#74. Days of Being Wild (1990, Wong)
And with only his sophomore effort, Wong Kar-Wai settles into his niche of depicting the humidified longing of youth with a cool sensibility. I don’t know how he does it but the singular Hong Kong treasure has always been able to take the simplest, the oft-seen of romantic woes, strip them down and linger on sensual emotional suffering. Part of it is that Wong understand and revels in the fact of ‘isn’t it all worth it’. It’s like he’s celebrating that suffering and longing by dressing it up and romanticizing the good, the bad, and the ugly. With ‘Days’, characters cross paths, and cross paths again, as the passage of time blankets all. With Happy Together, I couldn’t get past Leslie Cheung’s arrogant abuser, but here Cheung’s arrogant more self-aware abuser has a central throughline that made him worth digesting. Every time I see Maggie Cheung I just get depressed about her not acting anymore. Coupled with In the Mood for Love and Chungking Express as my favorite Wong Kar-wai films.
#75. Spring Breakers (2013, Korine)
#76. Phil Spector (2013, Mamet)
This barely felt like a film, more an excuse for Mamet to rail his politics at us. Which would be fine, if he had been able to build a semblance of a picture around his ideas. Instead, the film ends before it even begins, drags on as Mirren blows her nose and Pacino pontificates about The Righteous Brothers and his success and people judging him for his eccentricities. You realize that Phil Spector himself doesn’t interest Mamet. The only thing that matters to him is making a case for Spector’s innocence or at least his ‘reasonable doubt’, which uncomfortable in its insistence.
#77. Seed of Chucky (2005, Mancini)
Camptastic little meta-film even though it completely runs out of steam about halfway through. Adored seeing Jennifer Tilly ham it up as herself. The animatronics work continues to impress. There’s a mesh between horror-comedy and twisted domestic drama that it plays around with. The ‘seed’ made me laugh everytime he opened his mouth because he reminded me of the sketches in “Monty Python’s Flying Circus” where the troupe members played timid little schoolboys. Could have been so much better but it at least it nails the tone.
#78. Fantasia/2000 (1999)
Fantasia is one of my top ten favorite films, racist warts and all, so it’s sad I’m just got around to this now, although it seems I didn’t miss much. Clocking in at 74 minutes, it crams in as many pieces as the original despite its short length. Its reliance on ‘innovating’ with CGI currency hurts the visual impact considerably. I understand the blending of CGI and hand-drawn animation is impressive and all, particularly for 1999, but I found it resolutely distracting. Fantasia is all about innovation, and the translation of that innovation to today’s world slumps in comparison to the outside-of-the-box feats of the 1941 masterpiece. Filter out the uninspired rip-offs, the duds (I’m looking at you Donald-as-Noah), and the potential-in-concept but lacking-in-execution (due to having nearly all CGI), and you’re left with four I liked. “Rhapsody in Blue”, the blink-and-you’ll-miss-it “Carnival of the Animals”, “Firebird Suite-1919 Version” and from Fantasia, “The Sorcerer’s Apprentice. ” Despite bursts of creative flourish, my disappointment comes down to the use of CGI and fitting 8 pieces, including introductions for each, into a slim 74 minute block.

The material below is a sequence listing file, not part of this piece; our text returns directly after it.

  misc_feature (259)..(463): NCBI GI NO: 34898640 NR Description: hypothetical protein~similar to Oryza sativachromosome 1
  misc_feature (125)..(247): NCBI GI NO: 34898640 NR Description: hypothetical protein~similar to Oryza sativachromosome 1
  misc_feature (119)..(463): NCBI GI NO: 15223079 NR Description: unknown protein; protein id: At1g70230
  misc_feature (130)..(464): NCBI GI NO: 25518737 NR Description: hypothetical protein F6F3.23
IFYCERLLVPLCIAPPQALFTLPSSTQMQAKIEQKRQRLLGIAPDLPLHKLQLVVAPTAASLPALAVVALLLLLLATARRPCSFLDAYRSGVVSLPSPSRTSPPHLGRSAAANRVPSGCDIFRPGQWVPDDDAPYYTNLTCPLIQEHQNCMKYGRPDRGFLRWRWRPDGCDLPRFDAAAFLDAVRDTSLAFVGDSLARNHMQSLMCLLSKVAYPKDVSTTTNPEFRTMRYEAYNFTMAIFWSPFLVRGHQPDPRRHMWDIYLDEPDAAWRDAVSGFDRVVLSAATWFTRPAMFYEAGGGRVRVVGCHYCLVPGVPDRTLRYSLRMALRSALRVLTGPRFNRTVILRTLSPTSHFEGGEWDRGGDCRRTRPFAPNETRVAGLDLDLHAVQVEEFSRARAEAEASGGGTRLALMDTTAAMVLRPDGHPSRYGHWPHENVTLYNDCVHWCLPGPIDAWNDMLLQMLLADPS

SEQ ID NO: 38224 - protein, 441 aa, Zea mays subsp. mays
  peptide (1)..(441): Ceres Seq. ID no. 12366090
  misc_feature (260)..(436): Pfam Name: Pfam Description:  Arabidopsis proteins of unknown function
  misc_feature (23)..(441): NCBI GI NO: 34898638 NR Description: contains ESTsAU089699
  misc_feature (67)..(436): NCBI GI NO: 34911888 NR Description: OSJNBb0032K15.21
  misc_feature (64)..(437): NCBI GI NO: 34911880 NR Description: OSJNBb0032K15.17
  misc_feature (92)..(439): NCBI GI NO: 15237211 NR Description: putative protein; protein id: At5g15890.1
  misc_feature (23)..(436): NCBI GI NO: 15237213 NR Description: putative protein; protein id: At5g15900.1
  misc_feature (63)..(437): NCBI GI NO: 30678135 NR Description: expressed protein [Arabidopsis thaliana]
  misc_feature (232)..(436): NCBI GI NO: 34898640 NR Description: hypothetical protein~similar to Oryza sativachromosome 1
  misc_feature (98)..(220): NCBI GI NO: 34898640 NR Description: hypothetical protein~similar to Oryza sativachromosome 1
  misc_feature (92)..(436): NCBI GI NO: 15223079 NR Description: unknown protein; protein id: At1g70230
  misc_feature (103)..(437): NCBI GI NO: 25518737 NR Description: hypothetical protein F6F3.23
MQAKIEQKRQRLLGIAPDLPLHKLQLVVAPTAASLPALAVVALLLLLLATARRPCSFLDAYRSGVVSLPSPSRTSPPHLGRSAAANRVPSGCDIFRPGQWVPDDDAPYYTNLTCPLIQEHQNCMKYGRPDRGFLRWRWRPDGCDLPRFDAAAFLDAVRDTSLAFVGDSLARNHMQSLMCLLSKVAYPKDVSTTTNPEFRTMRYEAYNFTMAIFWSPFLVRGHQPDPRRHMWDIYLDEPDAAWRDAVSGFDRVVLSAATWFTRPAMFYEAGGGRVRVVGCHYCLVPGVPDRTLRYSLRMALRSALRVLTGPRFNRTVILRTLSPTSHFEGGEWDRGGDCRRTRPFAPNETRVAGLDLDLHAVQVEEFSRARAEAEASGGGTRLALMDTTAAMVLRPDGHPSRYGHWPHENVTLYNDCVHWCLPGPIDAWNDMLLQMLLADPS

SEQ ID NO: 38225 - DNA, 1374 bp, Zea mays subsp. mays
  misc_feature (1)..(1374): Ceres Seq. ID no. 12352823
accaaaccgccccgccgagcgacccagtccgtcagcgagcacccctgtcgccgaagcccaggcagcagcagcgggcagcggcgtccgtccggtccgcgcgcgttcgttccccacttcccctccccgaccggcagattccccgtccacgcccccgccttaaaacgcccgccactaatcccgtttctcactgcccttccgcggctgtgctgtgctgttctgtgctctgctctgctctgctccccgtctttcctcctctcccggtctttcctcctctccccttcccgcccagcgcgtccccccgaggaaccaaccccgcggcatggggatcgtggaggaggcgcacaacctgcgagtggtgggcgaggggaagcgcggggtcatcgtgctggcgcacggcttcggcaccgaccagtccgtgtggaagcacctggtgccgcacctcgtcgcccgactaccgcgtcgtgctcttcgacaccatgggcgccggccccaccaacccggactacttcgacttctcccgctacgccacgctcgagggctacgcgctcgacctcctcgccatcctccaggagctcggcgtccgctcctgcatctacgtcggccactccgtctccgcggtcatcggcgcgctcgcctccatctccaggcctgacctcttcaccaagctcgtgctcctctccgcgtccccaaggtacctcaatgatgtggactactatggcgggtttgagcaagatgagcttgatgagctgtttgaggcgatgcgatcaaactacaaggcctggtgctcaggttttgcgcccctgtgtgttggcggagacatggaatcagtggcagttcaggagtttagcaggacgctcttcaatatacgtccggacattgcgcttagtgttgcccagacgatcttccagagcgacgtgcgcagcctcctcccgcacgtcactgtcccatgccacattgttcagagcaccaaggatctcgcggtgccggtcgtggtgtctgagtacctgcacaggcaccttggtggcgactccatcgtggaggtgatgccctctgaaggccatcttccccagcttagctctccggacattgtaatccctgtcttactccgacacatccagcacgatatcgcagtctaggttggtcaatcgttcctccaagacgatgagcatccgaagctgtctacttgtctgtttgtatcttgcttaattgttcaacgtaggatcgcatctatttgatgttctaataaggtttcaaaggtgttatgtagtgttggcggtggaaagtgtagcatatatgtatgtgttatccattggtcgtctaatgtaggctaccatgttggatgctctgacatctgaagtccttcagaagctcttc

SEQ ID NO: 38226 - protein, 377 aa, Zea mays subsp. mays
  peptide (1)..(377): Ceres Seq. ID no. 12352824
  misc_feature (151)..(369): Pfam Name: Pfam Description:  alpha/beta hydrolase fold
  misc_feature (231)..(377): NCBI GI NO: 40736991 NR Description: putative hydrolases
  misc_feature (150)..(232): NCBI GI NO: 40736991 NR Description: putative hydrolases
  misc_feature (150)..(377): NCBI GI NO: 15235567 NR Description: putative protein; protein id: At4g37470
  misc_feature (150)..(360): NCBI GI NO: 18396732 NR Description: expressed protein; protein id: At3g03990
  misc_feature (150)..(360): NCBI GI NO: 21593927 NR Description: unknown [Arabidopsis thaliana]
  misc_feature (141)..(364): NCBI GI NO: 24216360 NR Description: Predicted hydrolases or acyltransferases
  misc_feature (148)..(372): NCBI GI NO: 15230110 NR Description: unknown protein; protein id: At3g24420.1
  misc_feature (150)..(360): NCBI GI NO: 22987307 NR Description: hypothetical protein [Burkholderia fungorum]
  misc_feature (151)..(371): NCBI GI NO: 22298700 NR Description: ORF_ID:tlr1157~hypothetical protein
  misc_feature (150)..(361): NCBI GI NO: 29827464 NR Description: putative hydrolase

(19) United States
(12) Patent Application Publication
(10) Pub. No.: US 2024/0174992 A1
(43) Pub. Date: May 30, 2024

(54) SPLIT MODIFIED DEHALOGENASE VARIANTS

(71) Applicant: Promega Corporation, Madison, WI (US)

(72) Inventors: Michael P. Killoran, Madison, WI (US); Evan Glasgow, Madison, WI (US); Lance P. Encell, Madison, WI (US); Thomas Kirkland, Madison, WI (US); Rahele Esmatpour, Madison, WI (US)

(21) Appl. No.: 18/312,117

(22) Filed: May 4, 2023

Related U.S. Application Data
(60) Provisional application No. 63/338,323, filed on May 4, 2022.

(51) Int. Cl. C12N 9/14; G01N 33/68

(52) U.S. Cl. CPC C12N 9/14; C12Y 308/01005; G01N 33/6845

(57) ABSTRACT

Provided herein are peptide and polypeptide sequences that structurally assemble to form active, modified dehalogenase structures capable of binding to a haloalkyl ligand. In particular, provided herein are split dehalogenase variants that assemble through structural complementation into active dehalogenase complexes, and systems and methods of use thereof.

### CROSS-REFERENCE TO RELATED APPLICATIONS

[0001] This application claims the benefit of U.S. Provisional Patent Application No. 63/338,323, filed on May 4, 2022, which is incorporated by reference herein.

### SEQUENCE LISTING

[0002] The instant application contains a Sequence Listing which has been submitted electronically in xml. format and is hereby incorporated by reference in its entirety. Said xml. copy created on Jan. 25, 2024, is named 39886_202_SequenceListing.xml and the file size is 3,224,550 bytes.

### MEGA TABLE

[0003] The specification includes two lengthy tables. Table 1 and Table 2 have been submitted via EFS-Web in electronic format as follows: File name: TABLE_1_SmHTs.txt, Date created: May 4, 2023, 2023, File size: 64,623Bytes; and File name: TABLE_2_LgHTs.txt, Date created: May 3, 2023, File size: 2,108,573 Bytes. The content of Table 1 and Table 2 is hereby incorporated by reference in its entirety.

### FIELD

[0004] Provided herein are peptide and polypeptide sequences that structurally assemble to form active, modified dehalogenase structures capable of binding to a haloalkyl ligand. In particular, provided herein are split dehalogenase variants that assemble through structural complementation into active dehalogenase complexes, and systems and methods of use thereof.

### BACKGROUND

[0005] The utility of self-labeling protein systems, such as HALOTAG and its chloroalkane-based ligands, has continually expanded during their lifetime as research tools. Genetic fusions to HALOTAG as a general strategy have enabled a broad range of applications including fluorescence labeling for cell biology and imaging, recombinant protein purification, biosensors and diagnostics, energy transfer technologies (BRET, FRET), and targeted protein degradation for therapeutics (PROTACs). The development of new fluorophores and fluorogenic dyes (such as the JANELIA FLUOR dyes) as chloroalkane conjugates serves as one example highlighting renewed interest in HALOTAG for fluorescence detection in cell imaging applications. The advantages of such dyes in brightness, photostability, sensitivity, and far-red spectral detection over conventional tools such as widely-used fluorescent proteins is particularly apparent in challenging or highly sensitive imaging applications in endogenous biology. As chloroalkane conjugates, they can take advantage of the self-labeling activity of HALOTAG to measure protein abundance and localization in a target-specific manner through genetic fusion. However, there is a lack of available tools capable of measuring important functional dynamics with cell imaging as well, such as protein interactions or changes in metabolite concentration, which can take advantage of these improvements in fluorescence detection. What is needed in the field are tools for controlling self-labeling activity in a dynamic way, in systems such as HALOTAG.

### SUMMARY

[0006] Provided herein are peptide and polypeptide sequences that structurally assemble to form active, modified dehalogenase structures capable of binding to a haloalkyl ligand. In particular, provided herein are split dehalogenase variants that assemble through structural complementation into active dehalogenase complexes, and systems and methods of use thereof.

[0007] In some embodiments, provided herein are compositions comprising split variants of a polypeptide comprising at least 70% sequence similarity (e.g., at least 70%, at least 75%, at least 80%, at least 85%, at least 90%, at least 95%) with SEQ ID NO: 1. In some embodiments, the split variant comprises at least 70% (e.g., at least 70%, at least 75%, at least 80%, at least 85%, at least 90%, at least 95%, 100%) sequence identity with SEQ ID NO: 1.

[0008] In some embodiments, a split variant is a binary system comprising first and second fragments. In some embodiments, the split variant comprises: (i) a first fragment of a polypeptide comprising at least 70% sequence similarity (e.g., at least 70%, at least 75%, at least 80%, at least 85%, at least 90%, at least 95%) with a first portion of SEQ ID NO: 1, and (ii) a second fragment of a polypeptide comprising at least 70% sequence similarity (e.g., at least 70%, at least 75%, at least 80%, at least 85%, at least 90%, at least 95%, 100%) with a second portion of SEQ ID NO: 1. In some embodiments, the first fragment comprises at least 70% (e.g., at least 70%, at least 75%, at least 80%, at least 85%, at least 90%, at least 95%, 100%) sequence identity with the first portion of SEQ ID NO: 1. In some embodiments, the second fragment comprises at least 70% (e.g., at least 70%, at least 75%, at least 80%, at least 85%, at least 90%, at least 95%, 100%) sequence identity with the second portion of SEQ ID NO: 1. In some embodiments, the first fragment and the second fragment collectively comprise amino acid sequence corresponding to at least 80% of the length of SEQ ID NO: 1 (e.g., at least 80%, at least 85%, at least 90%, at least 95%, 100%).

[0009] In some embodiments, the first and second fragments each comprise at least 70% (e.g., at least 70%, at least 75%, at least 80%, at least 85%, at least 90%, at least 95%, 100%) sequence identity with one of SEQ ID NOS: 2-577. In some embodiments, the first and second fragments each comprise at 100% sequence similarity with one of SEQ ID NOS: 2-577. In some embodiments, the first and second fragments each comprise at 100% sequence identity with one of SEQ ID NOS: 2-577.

#79. Evil Dead (2013, Alvarez)
An exercise in pushing the envelope of mainstream gore, Evil Dead is an audacious and memorable re-interpretation of the Sam Raimi classic. Shot by first-time filmmaker Fede Alvarez with a beautiful washed out decrepit woodsy feel, covered in dirty natural light. My complaints stem from its inability to even pretend to care about the central brother-sister relationship. It either needed to execute that storyline with a hell of a lot more sincerity, or ditch it altogether and spread that time over to its nondescript characters. It hits the most unfortunate spot of the in-between and contributes to its one-too-many climaxes. Not to mention that Shiloh Fernandez can’t act to save his life. My other complaint stems from its ultra-serious tone, which actually works for me. However, I’ve seen others refer to it as a comedy, which is perplexing. I laughed during the film from its absurdity, the way you do during slashers that push in this way, but I never felt it ‘go’ for comedy. If it was, it needed to be slightly more pointed, because I saw it as taking the opposite tack.
I admired its brutally over-the-top mayhem, its reliance on practical effects work, and I loved the central detoxing conceit. Loved loved loved. I don’t remember the last time I’ve seen a mainstream horror film this violently drenched in red. It’s obsessed with the details of pain, never letting you forget the crunch and decay of what we’re seeing. At a certain point it hits achieves a level of abstraction, sullied by the domestic nonsense, where you don’t even feel like you’re watching a film. You’re just watching relentless blood-letting. And that’s a compliment. I’ve also realized that Cabin in the Woods has added a level of distraction to all cabin-set films for me. And lest I forget, Jane Levy is spectacular.